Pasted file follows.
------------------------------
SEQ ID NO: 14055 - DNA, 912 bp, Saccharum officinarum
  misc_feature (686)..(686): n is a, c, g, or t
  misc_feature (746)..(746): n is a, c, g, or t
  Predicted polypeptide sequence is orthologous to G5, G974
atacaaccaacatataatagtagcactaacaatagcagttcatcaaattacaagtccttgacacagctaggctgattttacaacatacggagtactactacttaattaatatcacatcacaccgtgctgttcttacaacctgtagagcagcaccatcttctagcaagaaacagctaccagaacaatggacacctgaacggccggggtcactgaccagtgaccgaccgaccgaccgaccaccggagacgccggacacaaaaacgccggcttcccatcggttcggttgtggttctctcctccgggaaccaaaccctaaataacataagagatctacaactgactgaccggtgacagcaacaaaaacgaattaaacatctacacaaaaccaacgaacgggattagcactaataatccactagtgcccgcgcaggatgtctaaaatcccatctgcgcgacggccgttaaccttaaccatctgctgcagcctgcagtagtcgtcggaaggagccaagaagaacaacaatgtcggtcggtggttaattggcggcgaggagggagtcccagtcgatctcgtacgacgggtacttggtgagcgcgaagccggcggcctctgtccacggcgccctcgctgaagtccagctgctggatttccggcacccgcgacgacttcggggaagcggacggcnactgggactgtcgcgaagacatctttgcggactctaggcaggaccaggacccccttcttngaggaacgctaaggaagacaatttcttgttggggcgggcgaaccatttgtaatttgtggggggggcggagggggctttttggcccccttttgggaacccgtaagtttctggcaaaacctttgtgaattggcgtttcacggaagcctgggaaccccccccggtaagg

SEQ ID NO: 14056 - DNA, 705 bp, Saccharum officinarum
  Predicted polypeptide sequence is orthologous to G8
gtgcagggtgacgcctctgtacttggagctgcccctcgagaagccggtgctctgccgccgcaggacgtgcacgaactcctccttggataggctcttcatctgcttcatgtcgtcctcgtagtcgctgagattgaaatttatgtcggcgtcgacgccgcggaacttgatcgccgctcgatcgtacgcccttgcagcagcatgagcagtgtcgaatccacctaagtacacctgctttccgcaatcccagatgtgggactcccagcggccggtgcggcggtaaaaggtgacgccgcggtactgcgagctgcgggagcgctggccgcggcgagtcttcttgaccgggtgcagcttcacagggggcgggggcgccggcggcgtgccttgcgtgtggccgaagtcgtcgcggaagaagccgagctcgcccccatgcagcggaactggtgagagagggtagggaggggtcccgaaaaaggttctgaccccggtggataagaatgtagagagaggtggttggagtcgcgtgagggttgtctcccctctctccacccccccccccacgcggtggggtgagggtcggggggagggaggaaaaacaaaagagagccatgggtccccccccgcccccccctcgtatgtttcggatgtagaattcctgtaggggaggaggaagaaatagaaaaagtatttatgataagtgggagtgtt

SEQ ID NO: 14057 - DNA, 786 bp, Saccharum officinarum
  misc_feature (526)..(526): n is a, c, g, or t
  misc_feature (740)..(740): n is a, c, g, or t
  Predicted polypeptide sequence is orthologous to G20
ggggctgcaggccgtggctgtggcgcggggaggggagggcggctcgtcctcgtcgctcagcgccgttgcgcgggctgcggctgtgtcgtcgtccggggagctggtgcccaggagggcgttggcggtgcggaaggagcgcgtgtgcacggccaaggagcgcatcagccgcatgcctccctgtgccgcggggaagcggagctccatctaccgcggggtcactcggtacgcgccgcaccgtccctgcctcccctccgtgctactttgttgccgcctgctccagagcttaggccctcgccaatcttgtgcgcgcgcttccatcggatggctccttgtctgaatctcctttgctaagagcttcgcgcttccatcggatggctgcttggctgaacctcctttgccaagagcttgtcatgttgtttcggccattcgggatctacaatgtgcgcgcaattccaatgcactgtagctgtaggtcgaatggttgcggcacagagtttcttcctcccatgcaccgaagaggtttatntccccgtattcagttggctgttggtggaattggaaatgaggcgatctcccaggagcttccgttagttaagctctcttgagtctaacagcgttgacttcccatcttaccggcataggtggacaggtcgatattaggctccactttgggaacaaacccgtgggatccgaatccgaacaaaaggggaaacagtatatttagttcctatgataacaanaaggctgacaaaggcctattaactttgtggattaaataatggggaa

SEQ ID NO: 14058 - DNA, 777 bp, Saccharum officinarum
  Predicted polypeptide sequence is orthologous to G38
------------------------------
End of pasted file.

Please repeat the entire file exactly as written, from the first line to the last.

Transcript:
SEQ ID NO: 14055 - DNA, 912 bp, Saccharum officinarum
  misc_feature (686)..(686): n is a, c, g, or t
  misc_feature (746)..(746): n is a, c, g, or t
  Predicted polypeptide sequence is orthologous to G5, G974
atacaaccaacatataatagtagcactaacaatagcagttcatcaaattacaagtccttgacacagctaggctgattttacaacatacggagtactactacttaattaatatcacatcacaccgtgctgttcttacaacctgtagagcagcaccatcttctagcaagaaacagctaccagaacaatggacacctgaacggccggggtcactgaccagtgaccgaccgaccgaccgaccaccggagacgccggacacaaaaacgccggcttcccatcggttcggttgtggttctctcctccgggaaccaaaccctaaataacataagagatctacaactgactgaccggtgacagcaacaaaaacgaattaaacatctacacaaaaccaacgaacgggattagcactaataatccactagtgcccgcgcaggatgtctaaaatcccatctgcgcgacggccgttaaccttaaccatctgctgcagcctgcagtagtcgtcggaaggagccaagaagaacaacaatgtcggtcggtggttaattggcggcgaggagggagtcccagtcgatctcgtacgacgggtacttggtgagcgcgaagccggcggcctctgtccacggcgccctcgctgaagtccagctgctggatttccggcacccgcgacgacttcggggaagcggacggcnactgggactgtcgcgaagacatctttgcggactctaggcaggaccaggacccccttcttngaggaacgctaaggaagacaatttcttgttggggcgggcgaaccatttgtaatttgtggggggggcggagggggctttttggcccccttttgggaacccgtaagtttctggcaaaacctttgtgaattggcgtttcacggaagcctgggaaccccccccggtaagg

SEQ ID NO: 14056 - DNA, 705 bp, Saccharum officinarum
  Predicted polypeptide sequence is orthologous to G8
gtgcagggtgacgcctctgtacttggagctgcccctcgagaagccggtgctctgccgccgcaggacgtgcacgaactcctccttggataggctcttcatctgcttcatgtcgtcctcgtagtcgctgagattgaaatttatgtcggcgtcgacgccgcggaacttgatcgccgctcgatcgtacgcccttgcagcagcatgagcagtgtcgaatccacctaagtacacctgctttccgcaatcccagatgtgggactcccagcggccggtgcggcggtaaaaggtgacgccgcggtactgcgagctgcgggagcgctggccgcggcgagtcttcttgaccgggtgcagcttcacagggggcgggggcgccggcggcgtgccttgcgtgtggccgaagtcgtcgcggaagaagccgagctcgcccccatgcagcggaactggtgagagagggtagggaggggtcccgaaaaaggttctgaccccggtggataagaatgtagagagaggtggttggagtcgcgtgagggttgtctcccctctctccacccccccccccacgcggtggggtgagggtcggggggagggaggaaaaacaaaagagagccatgggtccccccccgcccccccctcgtatgtttcggatgtagaattcctgtaggggaggaggaagaaatagaaaaagtatttatgataagtgggagtgtt

SEQ ID NO: 14057 - DNA, 786 bp, Saccharum officinarum
  misc_feature (526)..(526): n is a, c, g, or t
  misc_feature (740)..(740): n is a, c, g, or t
  Predicted polypeptide sequence is orthologous to G20
ggggctgcaggccgtggctgtggcgcggggaggggagggcggctcgtcctcgtcgctcagcgccgttgcgcgggctgcggctgtgtcgtcgtccggggagctggtgcccaggagggcgttggcggtgcggaaggagcgcgtgtgcacggccaaggagcgcatcagccgcatgcctccctgtgccgcggggaagcggagctccatctaccgcggggtcactcggtacgcgccgcaccgtccctgcctcccctccgtgctactttgttgccgcctgctccagagcttaggccctcgccaatcttgtgcgcgcgcttccatcggatggctccttgtctgaatctcctttgctaagagcttcgcgcttccatcggatggctgcttggctgaacctcctttgccaagagcttgtcatgttgtttcggccattcgggatctacaatgtgcgcgcaattccaatgcactgtagctgtaggtcgaatggttgcggcacagagtttcttcctcccatgcaccgaagaggtttatntccccgtattcagttggctgttggtggaattggaaatgaggcgatctcccaggagcttccgttagttaagctctcttgagtctaacagcgttgacttcccatcttaccggcataggtggacaggtcgatattaggctccactttgggaacaaacccgtgggatccgaatccgaacaaaaggggaaacagtatatttagttcctatgataacaanaaggctgacaaaggcctattaactttgtggattaaataatggggaa

SEQ ID NO: 14058 - DNA, 777 bp, Saccharum officinarum
  Predicted polypeptide sequence is orthologous to G38